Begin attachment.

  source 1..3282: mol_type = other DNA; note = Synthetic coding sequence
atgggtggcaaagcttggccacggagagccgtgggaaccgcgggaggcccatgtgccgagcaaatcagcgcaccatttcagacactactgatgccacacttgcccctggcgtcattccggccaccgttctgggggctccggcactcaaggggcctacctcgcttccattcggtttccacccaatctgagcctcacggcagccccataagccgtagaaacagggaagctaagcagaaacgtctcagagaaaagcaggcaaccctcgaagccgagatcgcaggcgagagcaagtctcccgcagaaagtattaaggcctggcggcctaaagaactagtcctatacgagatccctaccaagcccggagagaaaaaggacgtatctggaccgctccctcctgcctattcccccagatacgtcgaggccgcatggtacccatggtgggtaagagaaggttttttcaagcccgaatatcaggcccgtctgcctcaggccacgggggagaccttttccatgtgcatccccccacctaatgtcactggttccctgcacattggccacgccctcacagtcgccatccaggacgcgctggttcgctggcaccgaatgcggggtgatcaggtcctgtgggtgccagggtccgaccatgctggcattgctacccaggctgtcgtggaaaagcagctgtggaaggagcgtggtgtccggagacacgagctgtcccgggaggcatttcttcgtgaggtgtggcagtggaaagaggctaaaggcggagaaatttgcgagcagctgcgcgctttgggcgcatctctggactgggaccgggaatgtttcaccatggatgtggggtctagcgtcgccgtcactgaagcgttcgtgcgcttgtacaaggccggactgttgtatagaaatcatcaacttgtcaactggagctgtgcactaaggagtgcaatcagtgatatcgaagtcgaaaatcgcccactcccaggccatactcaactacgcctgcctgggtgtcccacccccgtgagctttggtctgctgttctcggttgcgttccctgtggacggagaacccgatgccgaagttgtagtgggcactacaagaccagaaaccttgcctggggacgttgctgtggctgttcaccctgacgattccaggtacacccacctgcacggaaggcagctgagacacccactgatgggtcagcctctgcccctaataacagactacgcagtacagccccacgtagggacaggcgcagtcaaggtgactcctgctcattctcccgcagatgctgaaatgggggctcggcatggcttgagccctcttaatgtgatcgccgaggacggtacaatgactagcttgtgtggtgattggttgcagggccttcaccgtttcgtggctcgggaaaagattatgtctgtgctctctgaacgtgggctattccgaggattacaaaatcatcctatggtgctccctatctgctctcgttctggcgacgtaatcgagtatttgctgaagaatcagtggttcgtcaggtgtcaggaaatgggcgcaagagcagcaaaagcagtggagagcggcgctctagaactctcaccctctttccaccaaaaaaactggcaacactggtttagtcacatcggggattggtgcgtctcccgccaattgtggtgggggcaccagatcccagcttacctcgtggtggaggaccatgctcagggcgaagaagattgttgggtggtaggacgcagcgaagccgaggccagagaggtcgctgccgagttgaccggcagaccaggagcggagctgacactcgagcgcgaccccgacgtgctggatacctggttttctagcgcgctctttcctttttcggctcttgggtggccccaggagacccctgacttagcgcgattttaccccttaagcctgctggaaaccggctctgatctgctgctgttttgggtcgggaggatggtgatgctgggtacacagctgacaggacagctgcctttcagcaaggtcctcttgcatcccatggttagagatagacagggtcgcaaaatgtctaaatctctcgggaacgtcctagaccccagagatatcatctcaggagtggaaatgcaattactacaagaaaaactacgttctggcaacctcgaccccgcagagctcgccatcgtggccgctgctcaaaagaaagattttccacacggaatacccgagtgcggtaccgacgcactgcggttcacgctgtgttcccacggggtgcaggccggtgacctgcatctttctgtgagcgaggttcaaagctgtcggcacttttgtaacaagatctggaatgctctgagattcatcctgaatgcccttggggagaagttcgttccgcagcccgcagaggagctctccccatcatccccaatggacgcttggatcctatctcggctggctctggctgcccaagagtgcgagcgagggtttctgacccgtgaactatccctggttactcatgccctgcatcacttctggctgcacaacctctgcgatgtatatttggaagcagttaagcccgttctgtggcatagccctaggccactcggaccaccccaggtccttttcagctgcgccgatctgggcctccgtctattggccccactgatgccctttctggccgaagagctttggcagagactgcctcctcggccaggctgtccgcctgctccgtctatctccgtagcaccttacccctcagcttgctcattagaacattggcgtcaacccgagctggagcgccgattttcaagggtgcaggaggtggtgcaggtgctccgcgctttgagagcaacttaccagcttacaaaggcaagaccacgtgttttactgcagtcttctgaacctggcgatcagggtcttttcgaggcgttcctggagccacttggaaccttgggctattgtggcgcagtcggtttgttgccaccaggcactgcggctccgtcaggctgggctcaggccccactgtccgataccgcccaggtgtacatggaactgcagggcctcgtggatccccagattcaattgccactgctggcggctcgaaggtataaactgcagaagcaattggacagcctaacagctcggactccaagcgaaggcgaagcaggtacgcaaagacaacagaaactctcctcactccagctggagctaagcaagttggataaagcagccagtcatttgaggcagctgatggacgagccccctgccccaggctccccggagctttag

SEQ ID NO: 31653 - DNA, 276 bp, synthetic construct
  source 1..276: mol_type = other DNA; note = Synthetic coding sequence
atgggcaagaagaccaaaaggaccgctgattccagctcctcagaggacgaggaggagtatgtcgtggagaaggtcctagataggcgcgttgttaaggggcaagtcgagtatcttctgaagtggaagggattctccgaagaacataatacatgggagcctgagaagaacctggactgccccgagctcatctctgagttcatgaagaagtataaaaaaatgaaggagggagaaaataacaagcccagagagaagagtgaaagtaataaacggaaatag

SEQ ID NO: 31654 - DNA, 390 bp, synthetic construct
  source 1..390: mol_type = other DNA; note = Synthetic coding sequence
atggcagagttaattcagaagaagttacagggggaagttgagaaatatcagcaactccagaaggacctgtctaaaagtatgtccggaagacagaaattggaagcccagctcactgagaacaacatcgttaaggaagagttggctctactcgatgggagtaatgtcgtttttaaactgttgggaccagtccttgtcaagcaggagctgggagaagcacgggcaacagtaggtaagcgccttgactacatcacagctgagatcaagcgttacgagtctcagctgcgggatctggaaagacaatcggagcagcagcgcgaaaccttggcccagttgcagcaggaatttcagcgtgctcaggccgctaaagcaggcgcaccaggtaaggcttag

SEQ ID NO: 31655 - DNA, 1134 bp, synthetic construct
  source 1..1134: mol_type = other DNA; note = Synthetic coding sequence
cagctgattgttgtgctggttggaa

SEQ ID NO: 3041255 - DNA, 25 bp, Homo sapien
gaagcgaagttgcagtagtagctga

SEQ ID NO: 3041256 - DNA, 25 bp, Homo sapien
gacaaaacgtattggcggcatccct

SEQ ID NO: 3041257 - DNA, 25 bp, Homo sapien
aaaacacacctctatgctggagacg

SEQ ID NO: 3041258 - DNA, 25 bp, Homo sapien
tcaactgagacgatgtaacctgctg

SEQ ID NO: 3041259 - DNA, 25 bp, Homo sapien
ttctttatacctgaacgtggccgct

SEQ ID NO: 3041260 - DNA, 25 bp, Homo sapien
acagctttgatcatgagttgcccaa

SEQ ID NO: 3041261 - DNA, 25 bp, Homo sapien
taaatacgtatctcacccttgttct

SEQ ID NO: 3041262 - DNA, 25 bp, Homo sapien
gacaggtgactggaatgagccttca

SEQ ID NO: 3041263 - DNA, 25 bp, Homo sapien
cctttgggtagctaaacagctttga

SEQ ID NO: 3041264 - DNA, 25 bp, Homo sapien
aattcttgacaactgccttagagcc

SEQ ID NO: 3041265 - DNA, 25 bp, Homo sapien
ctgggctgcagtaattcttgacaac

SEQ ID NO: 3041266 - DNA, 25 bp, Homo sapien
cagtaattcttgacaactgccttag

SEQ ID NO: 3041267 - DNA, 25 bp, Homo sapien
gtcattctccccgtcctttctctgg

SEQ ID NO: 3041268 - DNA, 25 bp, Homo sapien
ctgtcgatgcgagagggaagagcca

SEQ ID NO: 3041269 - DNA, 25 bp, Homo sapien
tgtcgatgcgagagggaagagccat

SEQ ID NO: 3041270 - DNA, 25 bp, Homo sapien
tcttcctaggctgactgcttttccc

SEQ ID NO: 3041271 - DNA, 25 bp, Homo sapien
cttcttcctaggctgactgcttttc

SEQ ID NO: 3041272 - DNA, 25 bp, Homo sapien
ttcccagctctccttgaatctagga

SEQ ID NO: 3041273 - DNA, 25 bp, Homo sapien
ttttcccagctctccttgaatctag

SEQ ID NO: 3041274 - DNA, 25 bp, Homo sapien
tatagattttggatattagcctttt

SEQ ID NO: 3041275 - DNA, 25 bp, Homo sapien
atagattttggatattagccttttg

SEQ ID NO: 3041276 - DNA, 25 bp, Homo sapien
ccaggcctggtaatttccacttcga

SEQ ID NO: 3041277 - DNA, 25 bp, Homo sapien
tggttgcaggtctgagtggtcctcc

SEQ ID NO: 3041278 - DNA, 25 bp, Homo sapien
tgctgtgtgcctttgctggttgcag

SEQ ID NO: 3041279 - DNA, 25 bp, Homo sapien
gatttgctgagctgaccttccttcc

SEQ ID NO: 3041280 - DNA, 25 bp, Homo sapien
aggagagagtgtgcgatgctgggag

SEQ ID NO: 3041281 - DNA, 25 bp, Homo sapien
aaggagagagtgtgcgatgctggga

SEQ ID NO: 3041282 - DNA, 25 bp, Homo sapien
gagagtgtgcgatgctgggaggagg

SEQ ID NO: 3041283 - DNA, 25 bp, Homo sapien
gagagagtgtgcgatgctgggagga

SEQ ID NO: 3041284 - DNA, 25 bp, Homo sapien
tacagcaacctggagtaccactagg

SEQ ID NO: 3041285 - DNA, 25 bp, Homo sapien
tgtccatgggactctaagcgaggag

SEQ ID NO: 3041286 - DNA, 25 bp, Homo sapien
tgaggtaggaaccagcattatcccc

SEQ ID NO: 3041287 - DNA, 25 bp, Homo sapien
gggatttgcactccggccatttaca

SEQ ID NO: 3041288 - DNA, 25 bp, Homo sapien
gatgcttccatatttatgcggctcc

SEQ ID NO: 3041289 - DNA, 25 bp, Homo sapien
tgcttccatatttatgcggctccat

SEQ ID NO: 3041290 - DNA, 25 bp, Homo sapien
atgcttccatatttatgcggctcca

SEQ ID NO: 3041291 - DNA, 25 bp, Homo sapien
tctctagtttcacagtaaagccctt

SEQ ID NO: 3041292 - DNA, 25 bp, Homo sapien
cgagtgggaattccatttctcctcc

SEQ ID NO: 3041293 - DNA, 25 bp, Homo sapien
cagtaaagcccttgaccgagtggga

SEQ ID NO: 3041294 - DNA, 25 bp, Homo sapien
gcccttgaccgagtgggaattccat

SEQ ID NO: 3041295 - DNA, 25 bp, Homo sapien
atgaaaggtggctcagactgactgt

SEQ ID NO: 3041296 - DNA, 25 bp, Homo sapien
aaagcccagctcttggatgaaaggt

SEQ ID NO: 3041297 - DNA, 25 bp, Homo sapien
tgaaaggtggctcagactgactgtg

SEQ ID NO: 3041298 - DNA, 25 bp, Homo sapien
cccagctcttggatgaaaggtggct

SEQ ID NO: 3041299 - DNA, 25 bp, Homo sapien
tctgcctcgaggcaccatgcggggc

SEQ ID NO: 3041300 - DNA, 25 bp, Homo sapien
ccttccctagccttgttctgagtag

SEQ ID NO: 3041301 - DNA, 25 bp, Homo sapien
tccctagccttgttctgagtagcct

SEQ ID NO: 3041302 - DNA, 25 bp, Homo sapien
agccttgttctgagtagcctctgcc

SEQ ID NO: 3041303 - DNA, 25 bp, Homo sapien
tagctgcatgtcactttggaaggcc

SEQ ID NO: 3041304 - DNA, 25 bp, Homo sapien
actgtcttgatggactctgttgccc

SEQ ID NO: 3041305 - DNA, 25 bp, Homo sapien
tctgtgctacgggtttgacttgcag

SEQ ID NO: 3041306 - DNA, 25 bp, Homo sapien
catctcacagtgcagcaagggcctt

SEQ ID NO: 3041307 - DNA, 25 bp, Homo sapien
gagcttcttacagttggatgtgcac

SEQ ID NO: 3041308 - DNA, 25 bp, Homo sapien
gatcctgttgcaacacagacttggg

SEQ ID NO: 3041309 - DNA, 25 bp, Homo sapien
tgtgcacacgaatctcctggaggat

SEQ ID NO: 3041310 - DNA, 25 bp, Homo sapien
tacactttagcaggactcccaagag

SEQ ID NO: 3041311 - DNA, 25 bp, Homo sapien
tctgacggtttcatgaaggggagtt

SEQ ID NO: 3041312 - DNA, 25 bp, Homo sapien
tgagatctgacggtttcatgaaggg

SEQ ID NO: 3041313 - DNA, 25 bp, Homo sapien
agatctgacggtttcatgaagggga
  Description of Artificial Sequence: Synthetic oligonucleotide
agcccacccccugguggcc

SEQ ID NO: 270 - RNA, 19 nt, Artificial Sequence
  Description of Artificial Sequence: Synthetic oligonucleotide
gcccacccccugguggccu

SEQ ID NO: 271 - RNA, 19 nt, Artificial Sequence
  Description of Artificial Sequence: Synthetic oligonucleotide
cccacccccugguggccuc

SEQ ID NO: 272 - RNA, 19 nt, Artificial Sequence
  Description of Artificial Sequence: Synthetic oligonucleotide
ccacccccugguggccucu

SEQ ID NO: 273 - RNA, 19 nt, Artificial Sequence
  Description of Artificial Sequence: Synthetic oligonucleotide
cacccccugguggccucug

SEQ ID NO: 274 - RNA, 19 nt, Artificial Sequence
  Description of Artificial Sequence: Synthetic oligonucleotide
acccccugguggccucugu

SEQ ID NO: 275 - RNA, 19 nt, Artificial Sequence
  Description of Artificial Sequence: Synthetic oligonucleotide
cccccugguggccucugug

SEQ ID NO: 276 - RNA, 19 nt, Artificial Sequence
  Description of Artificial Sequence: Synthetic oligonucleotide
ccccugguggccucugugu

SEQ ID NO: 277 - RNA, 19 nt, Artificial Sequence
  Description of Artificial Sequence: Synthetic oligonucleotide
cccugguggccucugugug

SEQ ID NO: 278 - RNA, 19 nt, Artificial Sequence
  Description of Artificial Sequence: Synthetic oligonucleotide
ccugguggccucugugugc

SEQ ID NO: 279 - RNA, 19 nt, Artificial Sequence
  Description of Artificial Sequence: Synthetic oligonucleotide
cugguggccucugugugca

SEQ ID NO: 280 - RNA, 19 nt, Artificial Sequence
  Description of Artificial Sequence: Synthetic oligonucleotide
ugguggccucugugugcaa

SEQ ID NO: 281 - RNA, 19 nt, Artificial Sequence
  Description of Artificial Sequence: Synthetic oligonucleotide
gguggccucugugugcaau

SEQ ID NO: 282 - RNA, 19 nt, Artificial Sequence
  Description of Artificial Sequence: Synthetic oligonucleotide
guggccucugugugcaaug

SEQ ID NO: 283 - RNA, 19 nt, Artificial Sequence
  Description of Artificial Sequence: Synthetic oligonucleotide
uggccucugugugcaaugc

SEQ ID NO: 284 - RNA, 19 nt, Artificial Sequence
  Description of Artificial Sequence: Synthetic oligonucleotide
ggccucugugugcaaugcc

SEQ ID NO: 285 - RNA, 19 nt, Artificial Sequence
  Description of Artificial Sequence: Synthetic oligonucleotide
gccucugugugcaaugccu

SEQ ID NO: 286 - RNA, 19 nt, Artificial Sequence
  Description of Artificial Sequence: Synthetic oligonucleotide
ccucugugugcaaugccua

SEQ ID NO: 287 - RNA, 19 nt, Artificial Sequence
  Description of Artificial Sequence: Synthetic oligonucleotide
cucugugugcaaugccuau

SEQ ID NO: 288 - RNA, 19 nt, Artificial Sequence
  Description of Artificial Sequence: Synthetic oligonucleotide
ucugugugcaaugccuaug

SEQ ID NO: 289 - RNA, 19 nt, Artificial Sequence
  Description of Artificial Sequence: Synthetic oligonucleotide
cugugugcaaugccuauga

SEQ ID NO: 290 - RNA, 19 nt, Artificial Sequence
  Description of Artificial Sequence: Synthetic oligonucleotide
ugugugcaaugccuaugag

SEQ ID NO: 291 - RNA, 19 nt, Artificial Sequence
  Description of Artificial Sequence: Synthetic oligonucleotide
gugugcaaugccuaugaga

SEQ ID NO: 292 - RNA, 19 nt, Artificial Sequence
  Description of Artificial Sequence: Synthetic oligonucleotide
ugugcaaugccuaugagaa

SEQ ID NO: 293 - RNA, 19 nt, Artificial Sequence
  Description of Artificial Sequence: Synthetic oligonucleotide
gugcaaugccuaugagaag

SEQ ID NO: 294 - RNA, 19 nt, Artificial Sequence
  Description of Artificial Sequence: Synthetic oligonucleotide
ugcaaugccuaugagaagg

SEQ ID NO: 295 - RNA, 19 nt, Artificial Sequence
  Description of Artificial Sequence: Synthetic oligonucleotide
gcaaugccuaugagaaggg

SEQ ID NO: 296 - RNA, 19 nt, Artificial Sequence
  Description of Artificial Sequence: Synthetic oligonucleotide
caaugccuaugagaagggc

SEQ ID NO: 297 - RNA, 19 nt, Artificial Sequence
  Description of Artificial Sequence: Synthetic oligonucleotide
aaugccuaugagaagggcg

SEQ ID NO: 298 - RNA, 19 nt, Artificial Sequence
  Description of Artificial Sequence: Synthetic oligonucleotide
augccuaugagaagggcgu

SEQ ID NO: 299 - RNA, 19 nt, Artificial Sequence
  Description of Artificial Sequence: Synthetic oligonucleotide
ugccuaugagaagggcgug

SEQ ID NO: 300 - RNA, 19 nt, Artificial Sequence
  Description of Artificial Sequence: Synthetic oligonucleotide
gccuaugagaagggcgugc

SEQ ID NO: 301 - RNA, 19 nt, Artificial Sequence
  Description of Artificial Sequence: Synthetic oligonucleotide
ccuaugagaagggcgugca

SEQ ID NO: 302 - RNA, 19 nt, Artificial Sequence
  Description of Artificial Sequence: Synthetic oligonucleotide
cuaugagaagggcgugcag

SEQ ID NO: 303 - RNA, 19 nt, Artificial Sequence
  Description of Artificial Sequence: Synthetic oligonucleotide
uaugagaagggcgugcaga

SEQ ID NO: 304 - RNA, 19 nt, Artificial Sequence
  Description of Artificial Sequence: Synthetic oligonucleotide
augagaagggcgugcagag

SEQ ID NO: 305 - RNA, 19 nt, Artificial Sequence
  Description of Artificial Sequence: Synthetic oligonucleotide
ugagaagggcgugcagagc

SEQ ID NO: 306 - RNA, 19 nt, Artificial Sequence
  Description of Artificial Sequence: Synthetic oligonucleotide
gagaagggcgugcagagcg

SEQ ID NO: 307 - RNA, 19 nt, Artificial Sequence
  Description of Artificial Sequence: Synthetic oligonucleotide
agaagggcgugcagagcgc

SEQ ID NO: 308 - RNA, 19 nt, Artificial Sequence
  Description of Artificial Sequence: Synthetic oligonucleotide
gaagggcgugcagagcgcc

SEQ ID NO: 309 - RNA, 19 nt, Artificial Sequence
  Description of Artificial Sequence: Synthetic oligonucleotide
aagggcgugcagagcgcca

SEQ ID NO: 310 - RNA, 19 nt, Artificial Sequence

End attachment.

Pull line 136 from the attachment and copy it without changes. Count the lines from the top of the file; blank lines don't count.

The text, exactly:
  Description of Artificial Sequence: Synthetic oligonucleotide